“We’re also seeing something similar in the Western Hemisphere,” Gabrielle said, referring to the changing nature of disinformation campaigns.

In Italy, People’s Republic of China (PRC) officials have also shifted their narratives to better adapt to different audiences. In the Western Hemisphere, CCP virus related topics account for about “half of the content pushed by official Chinese accounts” she said.

“PRC officials have become really active and are showing concerted efforts to systematically cater their messages to global audiences using hashtags, increasing their social media followers to convince people that they’re acting responsibly, rather, and providing aid,” she said.

Hashtags and social media have been key tools in the propaganda kit utilized by the CCP. In recent weeks, state-run media Xinhua News has promoted the hashtags “#Trumpandemic” and “#TrumpVirus” on its news posts on both Twitter and Facebook. A Beijing-based commentator told the state-run Global Times that the term “Trump pandemic” is “not only vivid but also very accurate.”

The Epoch Times reached out to the State Department for additional comment on China’s disinformation campaign; a spokesperson declined to comment.

Citizens in China, meanwhile, don’t have access to social media platforms such as Twitter and Facebook and are fed a constant stream of propaganda by the communist regime there.

To combat the barrage of false narratives coming from different state actors, the U.S. government has launched a number of initiatives, according to Gabrielle, “including public messaging at home and overseas, diplomatic engagement, and promotion of fact-based information to local audiences.”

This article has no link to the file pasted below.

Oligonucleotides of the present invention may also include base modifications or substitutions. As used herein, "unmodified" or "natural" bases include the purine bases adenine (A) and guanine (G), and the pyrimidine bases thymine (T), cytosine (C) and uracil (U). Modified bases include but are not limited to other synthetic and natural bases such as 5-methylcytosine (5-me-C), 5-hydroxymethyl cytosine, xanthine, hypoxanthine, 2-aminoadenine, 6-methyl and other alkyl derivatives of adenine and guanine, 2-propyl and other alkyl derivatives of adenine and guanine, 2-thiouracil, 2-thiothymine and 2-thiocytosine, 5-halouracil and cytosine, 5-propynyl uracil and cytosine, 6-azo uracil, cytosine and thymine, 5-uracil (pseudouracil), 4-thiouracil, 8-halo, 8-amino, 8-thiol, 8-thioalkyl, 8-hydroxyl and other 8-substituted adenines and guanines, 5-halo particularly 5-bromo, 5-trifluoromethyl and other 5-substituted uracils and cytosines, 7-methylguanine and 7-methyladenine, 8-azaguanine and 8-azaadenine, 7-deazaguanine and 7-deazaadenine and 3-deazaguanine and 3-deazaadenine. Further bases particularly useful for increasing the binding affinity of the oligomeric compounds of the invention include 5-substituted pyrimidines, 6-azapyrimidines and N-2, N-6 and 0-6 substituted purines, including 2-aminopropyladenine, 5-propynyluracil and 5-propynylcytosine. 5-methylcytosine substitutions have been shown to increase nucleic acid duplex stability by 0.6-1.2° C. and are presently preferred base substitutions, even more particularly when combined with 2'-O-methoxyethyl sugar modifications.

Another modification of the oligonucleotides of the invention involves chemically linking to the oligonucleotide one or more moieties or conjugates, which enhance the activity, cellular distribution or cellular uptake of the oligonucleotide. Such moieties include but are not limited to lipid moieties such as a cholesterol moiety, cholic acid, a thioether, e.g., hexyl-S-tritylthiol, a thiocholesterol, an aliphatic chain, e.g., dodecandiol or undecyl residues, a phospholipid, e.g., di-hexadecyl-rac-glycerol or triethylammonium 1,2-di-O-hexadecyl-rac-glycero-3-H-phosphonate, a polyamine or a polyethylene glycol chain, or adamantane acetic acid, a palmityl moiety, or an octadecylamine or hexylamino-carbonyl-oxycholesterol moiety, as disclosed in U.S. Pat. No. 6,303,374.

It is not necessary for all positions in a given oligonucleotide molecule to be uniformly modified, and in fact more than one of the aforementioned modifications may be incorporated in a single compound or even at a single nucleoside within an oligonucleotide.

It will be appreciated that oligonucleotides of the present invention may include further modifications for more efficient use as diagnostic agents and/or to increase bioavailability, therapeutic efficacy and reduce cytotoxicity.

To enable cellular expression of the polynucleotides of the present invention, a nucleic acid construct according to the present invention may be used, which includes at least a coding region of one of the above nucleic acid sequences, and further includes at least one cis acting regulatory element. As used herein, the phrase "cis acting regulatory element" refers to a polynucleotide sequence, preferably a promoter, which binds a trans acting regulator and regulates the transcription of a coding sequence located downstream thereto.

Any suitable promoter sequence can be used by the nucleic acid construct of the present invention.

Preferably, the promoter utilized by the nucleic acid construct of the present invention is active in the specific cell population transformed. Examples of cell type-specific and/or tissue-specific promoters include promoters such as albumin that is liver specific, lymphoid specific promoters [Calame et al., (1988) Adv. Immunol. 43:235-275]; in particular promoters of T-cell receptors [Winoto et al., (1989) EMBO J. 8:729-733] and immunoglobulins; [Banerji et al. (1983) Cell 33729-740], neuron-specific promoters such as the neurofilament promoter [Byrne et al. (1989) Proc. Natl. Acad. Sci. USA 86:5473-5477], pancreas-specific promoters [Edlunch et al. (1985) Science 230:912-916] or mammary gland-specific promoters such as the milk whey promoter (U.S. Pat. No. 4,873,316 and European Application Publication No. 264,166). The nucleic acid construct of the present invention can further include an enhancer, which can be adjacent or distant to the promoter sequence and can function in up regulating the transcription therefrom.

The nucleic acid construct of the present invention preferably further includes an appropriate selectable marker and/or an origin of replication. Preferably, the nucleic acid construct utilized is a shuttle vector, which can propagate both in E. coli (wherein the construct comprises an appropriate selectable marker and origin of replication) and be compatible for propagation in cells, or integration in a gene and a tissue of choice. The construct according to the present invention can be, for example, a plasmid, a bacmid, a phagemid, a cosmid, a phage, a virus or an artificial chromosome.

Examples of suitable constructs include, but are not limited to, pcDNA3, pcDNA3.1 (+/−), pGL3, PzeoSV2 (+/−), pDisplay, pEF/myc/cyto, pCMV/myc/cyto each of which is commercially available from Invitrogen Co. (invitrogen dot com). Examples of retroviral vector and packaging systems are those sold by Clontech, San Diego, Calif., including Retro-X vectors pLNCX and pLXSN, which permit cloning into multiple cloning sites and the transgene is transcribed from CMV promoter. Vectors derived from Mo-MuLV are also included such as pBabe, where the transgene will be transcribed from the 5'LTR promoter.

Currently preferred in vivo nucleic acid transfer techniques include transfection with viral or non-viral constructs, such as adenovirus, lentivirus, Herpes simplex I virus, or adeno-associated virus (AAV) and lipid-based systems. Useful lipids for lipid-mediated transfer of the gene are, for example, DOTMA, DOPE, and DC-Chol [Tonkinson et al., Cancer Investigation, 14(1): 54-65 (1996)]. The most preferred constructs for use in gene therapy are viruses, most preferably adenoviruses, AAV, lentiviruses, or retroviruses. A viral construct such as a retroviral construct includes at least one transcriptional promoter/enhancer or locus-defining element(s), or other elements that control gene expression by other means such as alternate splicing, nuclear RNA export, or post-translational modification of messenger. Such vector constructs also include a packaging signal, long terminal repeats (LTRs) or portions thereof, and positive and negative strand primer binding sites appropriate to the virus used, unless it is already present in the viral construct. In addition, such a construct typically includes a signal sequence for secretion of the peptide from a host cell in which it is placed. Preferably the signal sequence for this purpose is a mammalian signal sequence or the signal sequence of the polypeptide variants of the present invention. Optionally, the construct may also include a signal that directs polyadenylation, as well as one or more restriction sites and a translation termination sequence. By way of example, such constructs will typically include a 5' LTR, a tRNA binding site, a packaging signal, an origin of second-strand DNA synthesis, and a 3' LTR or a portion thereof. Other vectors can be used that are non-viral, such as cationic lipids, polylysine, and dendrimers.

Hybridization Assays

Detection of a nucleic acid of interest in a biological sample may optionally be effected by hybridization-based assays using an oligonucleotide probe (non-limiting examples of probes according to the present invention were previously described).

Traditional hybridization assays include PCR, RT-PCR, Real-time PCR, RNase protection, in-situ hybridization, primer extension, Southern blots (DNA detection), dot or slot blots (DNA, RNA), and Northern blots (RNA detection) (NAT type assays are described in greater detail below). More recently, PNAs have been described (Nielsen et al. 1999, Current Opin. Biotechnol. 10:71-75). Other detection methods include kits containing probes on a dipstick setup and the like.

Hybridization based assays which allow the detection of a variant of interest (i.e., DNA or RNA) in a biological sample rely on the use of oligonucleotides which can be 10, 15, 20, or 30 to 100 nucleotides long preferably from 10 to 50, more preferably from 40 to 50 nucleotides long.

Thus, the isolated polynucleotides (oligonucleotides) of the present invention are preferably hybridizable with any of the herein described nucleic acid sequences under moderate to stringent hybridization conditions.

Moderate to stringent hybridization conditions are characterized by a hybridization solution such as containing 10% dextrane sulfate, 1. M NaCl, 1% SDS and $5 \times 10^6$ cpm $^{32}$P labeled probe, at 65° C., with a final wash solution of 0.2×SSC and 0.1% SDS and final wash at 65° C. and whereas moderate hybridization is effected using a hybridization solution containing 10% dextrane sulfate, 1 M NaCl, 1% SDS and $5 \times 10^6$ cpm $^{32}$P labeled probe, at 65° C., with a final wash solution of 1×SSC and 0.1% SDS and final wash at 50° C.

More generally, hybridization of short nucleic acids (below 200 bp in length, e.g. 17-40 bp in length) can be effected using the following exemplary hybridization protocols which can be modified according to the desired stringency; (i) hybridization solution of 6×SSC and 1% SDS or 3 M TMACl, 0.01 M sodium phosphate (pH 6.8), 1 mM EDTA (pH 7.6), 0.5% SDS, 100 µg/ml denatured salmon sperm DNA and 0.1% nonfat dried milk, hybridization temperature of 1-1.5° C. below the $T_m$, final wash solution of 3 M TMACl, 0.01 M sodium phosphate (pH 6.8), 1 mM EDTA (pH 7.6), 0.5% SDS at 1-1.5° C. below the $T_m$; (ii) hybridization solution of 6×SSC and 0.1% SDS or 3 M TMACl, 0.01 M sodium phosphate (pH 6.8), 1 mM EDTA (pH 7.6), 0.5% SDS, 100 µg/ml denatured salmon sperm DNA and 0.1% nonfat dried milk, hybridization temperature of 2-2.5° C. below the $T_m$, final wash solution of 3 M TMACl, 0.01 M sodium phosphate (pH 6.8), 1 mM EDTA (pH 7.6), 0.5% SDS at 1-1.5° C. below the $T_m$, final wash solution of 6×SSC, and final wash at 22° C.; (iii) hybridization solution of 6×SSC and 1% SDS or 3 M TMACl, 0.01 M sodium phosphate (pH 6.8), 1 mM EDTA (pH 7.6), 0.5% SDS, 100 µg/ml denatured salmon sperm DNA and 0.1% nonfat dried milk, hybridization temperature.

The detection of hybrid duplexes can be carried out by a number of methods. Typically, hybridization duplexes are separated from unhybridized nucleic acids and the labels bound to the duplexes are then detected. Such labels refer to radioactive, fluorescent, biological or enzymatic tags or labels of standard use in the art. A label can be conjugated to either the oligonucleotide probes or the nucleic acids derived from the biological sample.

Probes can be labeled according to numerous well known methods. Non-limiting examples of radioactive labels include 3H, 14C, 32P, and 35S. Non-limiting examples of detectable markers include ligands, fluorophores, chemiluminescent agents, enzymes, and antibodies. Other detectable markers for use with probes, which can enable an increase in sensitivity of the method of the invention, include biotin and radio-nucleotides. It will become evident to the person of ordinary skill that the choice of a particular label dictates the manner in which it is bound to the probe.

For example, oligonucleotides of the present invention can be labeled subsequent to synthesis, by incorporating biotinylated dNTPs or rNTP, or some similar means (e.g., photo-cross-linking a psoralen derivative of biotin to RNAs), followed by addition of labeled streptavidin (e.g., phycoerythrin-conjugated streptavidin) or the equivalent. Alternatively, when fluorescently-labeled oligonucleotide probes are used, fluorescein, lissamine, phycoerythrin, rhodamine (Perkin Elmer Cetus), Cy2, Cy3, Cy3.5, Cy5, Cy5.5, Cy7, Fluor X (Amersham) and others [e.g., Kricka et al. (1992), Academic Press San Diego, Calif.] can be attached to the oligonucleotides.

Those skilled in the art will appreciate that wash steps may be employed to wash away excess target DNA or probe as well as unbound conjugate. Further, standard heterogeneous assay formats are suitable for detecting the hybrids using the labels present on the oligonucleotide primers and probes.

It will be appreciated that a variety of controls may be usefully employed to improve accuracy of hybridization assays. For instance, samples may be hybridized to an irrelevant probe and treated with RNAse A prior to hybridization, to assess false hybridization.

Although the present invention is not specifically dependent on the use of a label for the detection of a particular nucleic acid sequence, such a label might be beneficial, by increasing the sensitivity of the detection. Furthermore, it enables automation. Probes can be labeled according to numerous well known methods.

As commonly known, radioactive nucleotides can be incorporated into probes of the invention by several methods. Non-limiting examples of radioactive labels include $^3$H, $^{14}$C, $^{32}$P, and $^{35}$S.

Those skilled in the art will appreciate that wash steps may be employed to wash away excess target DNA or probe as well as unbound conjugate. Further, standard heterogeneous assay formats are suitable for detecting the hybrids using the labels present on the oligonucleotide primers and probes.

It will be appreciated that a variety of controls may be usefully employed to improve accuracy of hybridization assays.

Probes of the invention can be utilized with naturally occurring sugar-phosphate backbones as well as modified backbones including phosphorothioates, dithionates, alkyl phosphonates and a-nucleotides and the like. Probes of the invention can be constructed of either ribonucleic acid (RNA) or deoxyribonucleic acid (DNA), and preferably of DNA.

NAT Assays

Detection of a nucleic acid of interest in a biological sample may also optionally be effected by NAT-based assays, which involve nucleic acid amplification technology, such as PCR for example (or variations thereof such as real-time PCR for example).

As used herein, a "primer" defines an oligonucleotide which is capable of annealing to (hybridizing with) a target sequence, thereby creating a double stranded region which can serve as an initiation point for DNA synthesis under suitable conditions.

The Epoch Times previously reported on U.S. officials becoming more vocal on social media in addressing China’s disinformation push and how federal agencies are ramping up efforts by setting up new websites to separate fact from fiction.

At the briefing, a reporter also asked about the extent to which the GEC was working with private tech companies to combat these narratives. Gabrielle said they have a “technology engagement team” who work with different companies and social media platforms, but added that countering disinformation “takes a variety of approaches.”

“Depending on the situation, there’s just no cookie-cutter approach. We have to look at each situation individually and figure out what the best practices are,” she said. “Tech companies are looking at their specific platforms … But our data scientists are looking at the entire disinformation ecosystem.”

The Epoch Times refers to the novel coronavirus as the CCP virus because the Chinese Communist Party’s coverup and mishandling of the epidemic, which started in the central Chinese city of Wuhan, allowed the virus to spread throughout China and create a global pandemic.

Although the narratives pushed by the CCP can change quickly, the goals are the same: to defect responsibility over its botched handling of the CCP virus and to portray an image that it has successfully contained the outbreak.

“I think that it is really sad to see state actors taking advantage of a global health crisis to try to push their own agendas,” Gabrielle said. “I think a very important part of decreasing the vulnerability of audiences is by making them aware of how a disinformation environment can be manipulated.”